Poker is a game that involves a lot of skill. There are many different ways to play poker, and the game is played by people from all over the world. Some people enjoy playing poker for fun, while others do it to make money. In either case, there are many benefits that come with playing poker. The game can help improve working memory, and it also helps people become better at assessing risks. It can even reduce the chances of developing Alzheimer’s disease.
One of the first things that poker players learn is how to read their opponents. This is a very important skill to develop, as it will help them decide whether or not they should call a bet. It is also helpful in determining how much to raise. This can be done by looking at the betting patterns of other players. For example, players who bet aggressively can be bluffed into folding their hands by more conservative players.
In addition to reading other players, poker players also need to be able to calculate odds. This can be difficult for beginners to do, but it is a necessary skill to learn. In order to understand the odds of a particular hand, you must know how many cards are left and their respective ranks. For example, a full house contains three matching cards of one rank and two matching cards of another rank. A straight contains five consecutive cards that are the same suit.
While poker has a significant element of chance, the game is largely based on skill and psychology. It is a great way to train your brain to think about risk and reward, and it can teach you how to weigh these factors when making decisions in everyday life.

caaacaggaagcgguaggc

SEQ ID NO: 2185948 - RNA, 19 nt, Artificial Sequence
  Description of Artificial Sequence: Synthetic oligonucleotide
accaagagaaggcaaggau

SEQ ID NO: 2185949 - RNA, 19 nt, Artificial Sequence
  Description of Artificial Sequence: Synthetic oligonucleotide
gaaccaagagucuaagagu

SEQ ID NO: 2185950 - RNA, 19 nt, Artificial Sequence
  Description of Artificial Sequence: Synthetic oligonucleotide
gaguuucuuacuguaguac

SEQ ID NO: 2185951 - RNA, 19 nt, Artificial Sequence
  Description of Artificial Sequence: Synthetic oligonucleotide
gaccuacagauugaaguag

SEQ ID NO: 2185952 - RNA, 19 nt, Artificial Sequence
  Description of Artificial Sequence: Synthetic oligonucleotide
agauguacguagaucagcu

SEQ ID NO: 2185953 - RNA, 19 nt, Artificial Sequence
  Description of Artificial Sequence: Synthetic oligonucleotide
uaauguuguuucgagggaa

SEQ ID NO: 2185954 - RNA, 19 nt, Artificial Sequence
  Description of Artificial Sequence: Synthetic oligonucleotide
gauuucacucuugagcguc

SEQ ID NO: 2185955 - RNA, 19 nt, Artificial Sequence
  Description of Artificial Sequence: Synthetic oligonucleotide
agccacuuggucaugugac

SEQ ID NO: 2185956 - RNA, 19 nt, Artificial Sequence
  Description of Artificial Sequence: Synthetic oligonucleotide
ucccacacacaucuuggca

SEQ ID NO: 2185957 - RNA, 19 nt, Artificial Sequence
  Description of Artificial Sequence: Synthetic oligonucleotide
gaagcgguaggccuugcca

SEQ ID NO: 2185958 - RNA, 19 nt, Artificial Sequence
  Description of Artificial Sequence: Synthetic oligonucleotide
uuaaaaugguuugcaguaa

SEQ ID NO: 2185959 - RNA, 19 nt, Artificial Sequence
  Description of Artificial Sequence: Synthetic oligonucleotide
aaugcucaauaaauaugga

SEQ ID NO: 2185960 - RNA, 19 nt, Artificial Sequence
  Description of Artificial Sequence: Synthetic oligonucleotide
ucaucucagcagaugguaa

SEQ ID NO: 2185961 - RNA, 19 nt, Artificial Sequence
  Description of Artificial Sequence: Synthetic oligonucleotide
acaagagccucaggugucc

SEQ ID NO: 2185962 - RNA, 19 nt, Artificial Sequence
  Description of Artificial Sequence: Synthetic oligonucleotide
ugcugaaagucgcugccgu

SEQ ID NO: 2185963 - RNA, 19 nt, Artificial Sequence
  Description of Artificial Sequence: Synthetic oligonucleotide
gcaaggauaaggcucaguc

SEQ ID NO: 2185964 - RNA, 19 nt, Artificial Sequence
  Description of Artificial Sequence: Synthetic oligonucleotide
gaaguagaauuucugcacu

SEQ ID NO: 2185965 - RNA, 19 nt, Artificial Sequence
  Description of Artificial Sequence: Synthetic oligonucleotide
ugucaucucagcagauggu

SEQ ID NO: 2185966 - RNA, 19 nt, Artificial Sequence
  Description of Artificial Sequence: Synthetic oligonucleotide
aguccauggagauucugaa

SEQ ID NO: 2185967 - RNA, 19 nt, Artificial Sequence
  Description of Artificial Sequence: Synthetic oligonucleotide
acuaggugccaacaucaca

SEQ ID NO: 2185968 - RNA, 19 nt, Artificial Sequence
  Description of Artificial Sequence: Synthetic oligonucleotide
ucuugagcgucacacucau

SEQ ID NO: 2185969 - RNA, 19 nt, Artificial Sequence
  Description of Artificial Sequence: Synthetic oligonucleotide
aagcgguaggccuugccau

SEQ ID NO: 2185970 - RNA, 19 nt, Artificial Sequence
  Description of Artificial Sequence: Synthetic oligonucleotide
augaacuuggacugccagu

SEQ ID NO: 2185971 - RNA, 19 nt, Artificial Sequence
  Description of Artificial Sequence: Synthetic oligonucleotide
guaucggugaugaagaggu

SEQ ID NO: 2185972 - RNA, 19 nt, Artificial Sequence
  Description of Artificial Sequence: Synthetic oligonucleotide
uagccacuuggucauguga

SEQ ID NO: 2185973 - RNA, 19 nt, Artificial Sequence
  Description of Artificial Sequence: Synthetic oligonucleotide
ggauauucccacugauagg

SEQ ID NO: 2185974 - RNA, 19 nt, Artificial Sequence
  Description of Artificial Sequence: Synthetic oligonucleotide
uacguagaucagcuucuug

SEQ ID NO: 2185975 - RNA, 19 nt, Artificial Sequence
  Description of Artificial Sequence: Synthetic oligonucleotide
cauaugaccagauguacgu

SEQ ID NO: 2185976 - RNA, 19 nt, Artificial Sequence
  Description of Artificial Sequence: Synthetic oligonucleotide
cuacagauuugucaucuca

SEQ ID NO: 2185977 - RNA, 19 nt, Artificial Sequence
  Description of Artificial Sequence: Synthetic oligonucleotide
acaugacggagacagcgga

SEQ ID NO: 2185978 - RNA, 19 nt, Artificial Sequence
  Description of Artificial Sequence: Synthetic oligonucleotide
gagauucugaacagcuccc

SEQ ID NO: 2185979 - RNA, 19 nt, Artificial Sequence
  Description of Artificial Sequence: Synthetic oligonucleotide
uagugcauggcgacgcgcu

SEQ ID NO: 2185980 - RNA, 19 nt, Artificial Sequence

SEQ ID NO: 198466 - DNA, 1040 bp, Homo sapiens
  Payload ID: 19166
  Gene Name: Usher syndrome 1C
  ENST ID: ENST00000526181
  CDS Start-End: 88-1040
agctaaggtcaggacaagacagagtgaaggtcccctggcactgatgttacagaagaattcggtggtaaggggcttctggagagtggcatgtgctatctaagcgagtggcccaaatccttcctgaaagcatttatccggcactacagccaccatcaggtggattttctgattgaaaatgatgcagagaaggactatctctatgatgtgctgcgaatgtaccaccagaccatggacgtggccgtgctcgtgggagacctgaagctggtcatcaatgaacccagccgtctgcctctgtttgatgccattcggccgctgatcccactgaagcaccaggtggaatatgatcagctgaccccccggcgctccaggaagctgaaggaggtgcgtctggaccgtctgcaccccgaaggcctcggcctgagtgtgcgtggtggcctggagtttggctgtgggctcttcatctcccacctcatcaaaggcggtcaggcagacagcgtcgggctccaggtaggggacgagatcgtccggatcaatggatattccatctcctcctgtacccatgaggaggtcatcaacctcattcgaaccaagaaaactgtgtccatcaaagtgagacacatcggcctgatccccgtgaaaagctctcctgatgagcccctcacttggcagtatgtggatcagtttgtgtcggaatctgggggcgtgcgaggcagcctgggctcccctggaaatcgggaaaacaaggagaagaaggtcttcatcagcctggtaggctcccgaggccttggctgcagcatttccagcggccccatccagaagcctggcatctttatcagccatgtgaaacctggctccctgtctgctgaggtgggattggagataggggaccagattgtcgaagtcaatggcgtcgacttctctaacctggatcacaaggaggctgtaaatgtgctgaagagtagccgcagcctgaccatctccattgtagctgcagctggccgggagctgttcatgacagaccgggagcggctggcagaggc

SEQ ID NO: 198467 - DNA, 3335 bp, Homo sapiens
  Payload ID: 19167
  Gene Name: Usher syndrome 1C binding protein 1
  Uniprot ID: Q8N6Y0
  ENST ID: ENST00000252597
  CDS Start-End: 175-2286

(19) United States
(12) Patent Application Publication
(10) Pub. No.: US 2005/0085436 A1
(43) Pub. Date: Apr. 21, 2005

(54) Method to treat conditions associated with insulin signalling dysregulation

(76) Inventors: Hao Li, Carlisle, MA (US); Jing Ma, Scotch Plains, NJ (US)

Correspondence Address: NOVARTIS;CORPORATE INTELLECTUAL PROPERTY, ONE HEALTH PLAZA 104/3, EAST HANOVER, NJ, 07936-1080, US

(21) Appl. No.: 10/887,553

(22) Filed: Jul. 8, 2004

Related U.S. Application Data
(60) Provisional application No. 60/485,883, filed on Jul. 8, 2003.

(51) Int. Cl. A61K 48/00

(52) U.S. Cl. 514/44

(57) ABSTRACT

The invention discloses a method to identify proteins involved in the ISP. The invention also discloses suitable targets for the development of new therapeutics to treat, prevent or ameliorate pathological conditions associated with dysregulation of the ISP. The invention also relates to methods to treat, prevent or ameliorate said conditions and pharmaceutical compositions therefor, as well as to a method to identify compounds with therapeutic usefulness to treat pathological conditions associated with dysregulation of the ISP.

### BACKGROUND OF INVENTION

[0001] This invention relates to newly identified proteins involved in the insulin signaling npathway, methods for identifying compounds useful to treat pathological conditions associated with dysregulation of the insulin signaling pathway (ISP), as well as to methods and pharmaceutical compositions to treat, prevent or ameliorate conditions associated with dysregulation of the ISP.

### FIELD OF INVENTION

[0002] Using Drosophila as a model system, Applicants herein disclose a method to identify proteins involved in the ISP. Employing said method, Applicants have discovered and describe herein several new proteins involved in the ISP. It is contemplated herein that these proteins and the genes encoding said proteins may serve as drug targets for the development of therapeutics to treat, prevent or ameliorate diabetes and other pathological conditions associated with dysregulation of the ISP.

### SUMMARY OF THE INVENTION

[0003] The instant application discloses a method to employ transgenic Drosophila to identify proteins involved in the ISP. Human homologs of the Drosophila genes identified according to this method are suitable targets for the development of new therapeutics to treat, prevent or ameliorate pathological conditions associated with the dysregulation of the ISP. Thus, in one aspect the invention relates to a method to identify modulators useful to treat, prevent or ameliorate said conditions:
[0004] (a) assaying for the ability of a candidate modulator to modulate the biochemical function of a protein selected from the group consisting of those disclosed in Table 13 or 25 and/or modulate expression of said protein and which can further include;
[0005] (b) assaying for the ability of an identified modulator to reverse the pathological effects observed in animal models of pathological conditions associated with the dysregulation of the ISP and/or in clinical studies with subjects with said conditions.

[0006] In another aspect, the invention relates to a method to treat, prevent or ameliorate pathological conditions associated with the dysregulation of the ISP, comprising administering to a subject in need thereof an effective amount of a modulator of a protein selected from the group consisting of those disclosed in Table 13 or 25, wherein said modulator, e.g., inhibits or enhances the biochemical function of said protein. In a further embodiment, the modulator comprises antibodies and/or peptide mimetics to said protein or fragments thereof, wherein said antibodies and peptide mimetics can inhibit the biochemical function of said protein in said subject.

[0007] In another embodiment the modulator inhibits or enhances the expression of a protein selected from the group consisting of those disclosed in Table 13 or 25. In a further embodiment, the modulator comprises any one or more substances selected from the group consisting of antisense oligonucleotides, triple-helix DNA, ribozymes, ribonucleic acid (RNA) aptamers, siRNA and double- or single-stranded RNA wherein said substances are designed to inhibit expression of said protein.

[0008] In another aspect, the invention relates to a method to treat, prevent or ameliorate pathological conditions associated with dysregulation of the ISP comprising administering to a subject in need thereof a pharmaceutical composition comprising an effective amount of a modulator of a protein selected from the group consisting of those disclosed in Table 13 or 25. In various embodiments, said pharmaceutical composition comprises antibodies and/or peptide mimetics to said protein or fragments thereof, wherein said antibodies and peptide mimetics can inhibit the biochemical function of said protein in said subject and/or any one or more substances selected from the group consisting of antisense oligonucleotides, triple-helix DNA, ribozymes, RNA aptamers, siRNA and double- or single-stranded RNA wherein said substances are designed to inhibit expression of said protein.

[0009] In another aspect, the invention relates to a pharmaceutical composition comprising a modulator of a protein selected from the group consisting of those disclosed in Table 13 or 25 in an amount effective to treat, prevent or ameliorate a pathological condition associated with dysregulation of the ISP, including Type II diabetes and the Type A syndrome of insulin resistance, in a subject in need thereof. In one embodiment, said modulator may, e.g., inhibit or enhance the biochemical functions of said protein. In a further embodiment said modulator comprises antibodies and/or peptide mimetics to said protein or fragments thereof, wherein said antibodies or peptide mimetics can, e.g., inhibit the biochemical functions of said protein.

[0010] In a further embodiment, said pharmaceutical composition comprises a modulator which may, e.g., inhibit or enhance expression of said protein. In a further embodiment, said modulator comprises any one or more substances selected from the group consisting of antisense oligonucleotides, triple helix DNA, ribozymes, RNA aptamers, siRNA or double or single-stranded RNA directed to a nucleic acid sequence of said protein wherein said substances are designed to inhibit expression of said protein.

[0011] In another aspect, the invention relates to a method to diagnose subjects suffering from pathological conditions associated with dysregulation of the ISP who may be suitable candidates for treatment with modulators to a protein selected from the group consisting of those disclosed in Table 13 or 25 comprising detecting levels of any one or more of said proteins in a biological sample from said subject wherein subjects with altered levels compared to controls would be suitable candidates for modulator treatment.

The game of poker can also help you improve your social skills. It is often played with other people, and it can be a great way to meet new people. It can also help you develop your vocabulary, as you will need to know how to speak the language of poker. For example, you must know how to say “call” when it is your turn to act.
Moreover, poker can also improve your mathematical skills. The game requires you to think about the probabilities of a given hand, and this can help you improve your math skills. In addition, it can teach you how to assess risks and rewards in a more rational and logical way. This can be beneficial in the workplace, especially for managers and leaders. It can also teach you how to read the behavior of your co-workers, which can be useful in assessing how they will react to certain situations. As a result, poker can have many mental benefits for workers in all fields. This is why many employees enjoy playing poker after work or on the weekends. It can be a great stress reliever and a great way to network with colleagues.